Pacific-Ocean-drain‘‘Shock’: Water underneath Fukushima reactors to be dumped in ocean — Attempts to deal with problem have ‘failed’ — Officials: It’s better than radioactive substances just “spilling directly into the ocean” like it is now (VIDEO) nenews.com/shock-water-fukushima-reactors-be-dumped-ocean-attempts-deal-problem-failed-officials-better-allowing-contamination-spill-directly-ocean-like-video?utm_source=feedburner&utm_medium=email&utm_campaign=Feed%3A+ENENews+%28Energy+News%29

AFP, Aug. 7, 2014 (emphasis added): Tepco ‘running out of space’ for tainted water — [Tepco] on Thursday unveiled a plan to dump scrubbed water directly into the ocean, sparking concerns over whether it would be properly decontaminated. […] {Tepco] has admitted that it’s running out of space. It is also fighting to contain contaminated groundwater around the plant from seeping into the ocean […] [Tepco] said it now wants to start pumping out the underground water, purify it […] and then release it […] the firm has long faced criticism over delays in disclosing key information […]

NHK, Aug. 6, 2014: Highly radioactive water [...] is seeping into the earth and mixing with ground water. Experts estimate around 200 [or 400] tons of contaminated ground water are leaking into the ocean each day. [Tepco wants] to decontaminate ground water collected at wells near reactor buildings before releasing it into the ocean. […] They say their plan is an improvement on the current situation, as contaminated water is spilling directly into the ocean.

Yomiuri Shimbun, Aug 7, 2014: Groundwater to be pumped up from some of the subdrain pits includes high levels of tritium, a radioactive substance thatcannot be removed [...] However, TEPCO believes it is possible to [...] meet standards if the water is mixed in tanks with water pumped from other subdrain pits.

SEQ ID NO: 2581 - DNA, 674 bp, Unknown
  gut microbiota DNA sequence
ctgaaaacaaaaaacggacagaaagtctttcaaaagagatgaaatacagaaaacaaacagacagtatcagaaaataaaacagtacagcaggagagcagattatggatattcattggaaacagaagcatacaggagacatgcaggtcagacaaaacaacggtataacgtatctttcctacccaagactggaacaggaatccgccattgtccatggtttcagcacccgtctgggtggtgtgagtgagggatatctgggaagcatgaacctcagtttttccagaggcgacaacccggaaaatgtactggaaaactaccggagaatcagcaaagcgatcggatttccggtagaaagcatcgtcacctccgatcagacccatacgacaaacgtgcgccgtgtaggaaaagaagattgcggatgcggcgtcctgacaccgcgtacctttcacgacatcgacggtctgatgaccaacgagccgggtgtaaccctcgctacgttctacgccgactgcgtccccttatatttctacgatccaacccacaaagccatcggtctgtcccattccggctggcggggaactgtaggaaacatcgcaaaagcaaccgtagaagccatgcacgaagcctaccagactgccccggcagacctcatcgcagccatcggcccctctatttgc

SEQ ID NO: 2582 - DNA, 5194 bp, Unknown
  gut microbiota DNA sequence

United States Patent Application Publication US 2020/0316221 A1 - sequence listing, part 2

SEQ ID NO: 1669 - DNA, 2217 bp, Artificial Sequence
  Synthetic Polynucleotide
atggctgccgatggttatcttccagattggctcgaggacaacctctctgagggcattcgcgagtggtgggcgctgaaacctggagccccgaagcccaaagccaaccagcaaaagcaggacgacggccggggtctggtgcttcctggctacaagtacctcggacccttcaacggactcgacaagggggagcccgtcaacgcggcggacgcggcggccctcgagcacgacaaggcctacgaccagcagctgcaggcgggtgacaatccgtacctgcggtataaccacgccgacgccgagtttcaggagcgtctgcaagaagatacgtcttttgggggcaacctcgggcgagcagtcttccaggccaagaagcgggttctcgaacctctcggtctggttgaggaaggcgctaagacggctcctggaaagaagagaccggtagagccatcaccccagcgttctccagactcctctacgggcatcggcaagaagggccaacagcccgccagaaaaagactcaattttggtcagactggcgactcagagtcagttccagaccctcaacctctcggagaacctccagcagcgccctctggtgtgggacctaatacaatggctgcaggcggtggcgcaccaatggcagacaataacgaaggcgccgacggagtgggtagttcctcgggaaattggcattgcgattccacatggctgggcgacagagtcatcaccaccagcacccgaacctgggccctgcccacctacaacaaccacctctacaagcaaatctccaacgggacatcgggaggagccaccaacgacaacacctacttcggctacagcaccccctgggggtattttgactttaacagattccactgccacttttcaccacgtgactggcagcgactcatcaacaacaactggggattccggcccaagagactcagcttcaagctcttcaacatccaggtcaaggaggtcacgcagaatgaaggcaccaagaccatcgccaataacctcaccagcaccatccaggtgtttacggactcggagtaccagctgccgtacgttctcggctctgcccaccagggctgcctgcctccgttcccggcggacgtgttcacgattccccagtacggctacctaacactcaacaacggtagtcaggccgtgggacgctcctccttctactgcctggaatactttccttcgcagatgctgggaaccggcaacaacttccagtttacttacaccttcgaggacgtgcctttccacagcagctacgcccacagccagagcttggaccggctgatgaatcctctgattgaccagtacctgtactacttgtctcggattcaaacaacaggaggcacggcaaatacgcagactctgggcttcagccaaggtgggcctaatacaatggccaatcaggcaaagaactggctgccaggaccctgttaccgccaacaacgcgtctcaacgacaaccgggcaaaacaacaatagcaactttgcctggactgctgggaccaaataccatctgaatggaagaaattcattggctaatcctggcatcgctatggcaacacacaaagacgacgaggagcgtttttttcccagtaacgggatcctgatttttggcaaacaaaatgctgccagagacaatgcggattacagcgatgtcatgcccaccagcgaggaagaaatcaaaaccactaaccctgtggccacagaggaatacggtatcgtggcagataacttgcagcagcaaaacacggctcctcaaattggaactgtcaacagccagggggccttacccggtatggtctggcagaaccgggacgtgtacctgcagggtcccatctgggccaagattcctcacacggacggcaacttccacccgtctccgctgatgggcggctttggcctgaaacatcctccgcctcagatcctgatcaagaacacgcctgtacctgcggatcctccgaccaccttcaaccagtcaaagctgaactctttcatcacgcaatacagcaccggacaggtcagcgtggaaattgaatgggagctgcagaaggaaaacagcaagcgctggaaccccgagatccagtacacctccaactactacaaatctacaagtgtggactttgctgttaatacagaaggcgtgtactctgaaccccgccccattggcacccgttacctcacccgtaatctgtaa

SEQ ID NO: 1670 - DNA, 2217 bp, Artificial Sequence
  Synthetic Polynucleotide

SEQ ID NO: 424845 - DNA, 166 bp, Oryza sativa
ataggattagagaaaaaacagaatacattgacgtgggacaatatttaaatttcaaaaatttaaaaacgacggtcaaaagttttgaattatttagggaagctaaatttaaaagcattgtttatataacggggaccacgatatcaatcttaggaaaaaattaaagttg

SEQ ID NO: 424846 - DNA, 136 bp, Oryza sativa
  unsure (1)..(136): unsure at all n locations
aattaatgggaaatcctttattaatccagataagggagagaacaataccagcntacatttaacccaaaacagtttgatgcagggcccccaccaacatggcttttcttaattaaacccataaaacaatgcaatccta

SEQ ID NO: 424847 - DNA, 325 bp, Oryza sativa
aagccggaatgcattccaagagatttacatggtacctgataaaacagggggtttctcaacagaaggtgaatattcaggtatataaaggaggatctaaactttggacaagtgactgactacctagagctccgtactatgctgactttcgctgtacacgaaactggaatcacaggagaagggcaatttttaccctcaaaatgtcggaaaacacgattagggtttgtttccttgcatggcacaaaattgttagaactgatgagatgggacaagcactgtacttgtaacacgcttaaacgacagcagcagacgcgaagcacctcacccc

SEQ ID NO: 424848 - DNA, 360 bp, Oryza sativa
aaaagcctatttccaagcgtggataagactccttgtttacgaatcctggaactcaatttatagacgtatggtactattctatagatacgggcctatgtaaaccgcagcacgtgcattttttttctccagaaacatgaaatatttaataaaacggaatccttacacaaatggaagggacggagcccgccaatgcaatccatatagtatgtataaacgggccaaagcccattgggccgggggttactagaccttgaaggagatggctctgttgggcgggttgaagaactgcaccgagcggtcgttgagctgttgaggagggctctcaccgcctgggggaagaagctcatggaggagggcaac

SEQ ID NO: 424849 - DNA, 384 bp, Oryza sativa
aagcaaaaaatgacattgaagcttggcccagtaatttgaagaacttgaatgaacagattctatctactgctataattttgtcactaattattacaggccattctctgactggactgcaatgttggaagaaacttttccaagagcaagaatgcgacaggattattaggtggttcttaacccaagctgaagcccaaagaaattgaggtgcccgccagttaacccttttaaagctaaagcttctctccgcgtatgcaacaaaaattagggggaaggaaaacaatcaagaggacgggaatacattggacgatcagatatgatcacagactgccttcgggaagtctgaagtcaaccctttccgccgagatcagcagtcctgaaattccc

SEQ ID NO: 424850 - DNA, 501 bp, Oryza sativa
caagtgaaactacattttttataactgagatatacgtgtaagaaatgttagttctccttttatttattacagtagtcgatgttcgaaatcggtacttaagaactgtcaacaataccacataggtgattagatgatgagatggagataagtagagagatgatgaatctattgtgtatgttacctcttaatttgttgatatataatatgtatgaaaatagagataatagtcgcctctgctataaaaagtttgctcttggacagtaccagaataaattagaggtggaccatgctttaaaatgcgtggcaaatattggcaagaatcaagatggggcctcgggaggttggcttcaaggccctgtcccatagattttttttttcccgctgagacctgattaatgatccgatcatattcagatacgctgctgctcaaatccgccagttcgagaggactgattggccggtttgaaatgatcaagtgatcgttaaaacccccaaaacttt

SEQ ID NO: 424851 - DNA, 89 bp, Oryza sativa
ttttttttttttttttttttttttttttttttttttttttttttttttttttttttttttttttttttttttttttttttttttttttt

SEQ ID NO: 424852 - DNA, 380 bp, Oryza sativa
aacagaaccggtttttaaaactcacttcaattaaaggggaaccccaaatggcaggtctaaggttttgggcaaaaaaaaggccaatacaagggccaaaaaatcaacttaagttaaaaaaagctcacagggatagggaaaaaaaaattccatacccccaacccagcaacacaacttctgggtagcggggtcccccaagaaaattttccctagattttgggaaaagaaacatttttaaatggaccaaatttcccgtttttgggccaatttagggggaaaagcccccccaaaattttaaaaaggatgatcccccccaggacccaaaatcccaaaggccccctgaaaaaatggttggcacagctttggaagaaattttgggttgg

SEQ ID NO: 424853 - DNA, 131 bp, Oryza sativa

Kyodo, Aug 7, 2014: Tepco to collect toxic groundwater at Fukushima, dump in ocean after treatment [...] it is unclear whether [the plan] will work as smoothly as expected, one of the officials admitted. [...] Radioactive substances such as tritium and cesium have been detected [but] TEPCO says it aims to clean the water to a level that would do no harm to the environment, but tritium will remain untreated [...]

Asahi Shimbun, Aug 7, 2014: [Tepco] wants to dump decontaminated water [...] into the ocean. [TEPCO] is in talks with government ministries to pump contaminated water found around the buildings [...] process it [...] then release it [...] “We would never consider dumping the water into the ocean unless we received the consent of local residents,” a TEPCO official said. [...] it would be the first time [...] for contaminated water to be dumped into the ocean after it has been purified. [...] “The water close to the plant buildings is already contaminated,” the official said. “Fishermen are sure to raise objections” [...]

Bloomberg, Aug 4, 2014: [E]stimates [...] suggest filtering the isotope strontium out of stored water will take more time [than Tepco's March 31, 2015 deadline.] Strontium has been linked to leukemia and can enter the food chain [...] Delays in the cleanup could extend a South Korean ban on Japanese seafood imports [...] Michael Friedlander, a former nuclear engineer [said] “They’re basically accumulating vast quantities of radioactive material that isn’t in control” [...] Corrosion has delayed full use of a filtration system known as ALPS [...] Tepco said aplan to divert groundwater into the sea [...] has so far failed [...]

NHK, Aug. 7, 2014: [TEPCO] is running a so-called bypass system [...] But groundwater continues to flow into the reactors’ buildings and become contaminated. Part of it is believed to be seeping into the nearby Pacific Ocean. […] In the closed-door meeting, the officials are said to have explained that they plan to collect contaminated groundwater both at wells near reactor buildings and [...] a coastal embankment. […] Fisheries association head Hiroyuki Sato told reporters that fishermen were shocked to hear that the measure is needed [...]

Watch NHK’s broadcast here

August 12, 2014 Posted by | Fukushima 2014, Japan, oceans | Leave a comment

Fukushima radioactive releases – Cesium 137 onto the Pacific Ocean